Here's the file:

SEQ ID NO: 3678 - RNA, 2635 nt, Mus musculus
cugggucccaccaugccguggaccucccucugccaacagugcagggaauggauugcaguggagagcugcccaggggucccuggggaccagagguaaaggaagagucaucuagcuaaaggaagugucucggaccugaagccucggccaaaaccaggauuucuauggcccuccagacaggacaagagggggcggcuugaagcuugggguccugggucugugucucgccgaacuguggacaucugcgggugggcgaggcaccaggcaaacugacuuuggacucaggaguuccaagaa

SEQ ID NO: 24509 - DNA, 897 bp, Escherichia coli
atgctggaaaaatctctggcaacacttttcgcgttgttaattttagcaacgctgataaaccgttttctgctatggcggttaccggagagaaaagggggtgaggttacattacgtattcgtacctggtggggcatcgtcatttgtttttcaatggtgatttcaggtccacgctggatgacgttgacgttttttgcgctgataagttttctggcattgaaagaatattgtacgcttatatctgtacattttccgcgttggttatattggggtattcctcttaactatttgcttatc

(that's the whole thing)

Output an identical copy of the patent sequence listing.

SEQ ID NO: 3678 - RNA, 2635 nt, Mus musculus
cugggucccaccaugccguggaccucccucugccaacagugcagggaauggauugcaguggagagcugcccaggggucccuggggaccagagguaaaggaagagucaucuagcuaaaggaagugucucggaccugaagccucggccaaaaccaggauuucuauggcccuccagacaggacaagagggggcggcuugaagcuugggguccugggucugugucucgccgaacuguggacaucugcgggugggcgaggcaccaggcaaacugacuuuggacucaggaguuccaagaa

SEQ ID NO: 24509 - DNA, 897 bp, Escherichia coli
atgctggaaaaatctctggcaacacttttcgcgttgttaattttagcaacgctgataaaccgttttctgctatggcggttaccggagagaaaagggggtgaggttacattacgtattcgtacctggtggggcatcgtcatttgtttttcaatggtgatttcaggtccacgctggatgacgttgacgttttttgcgctgataagttttctggcattgaaagaatattgtacgcttatatctgtacattttccgcgttggttatattggggtattcctcttaactatttgcttatc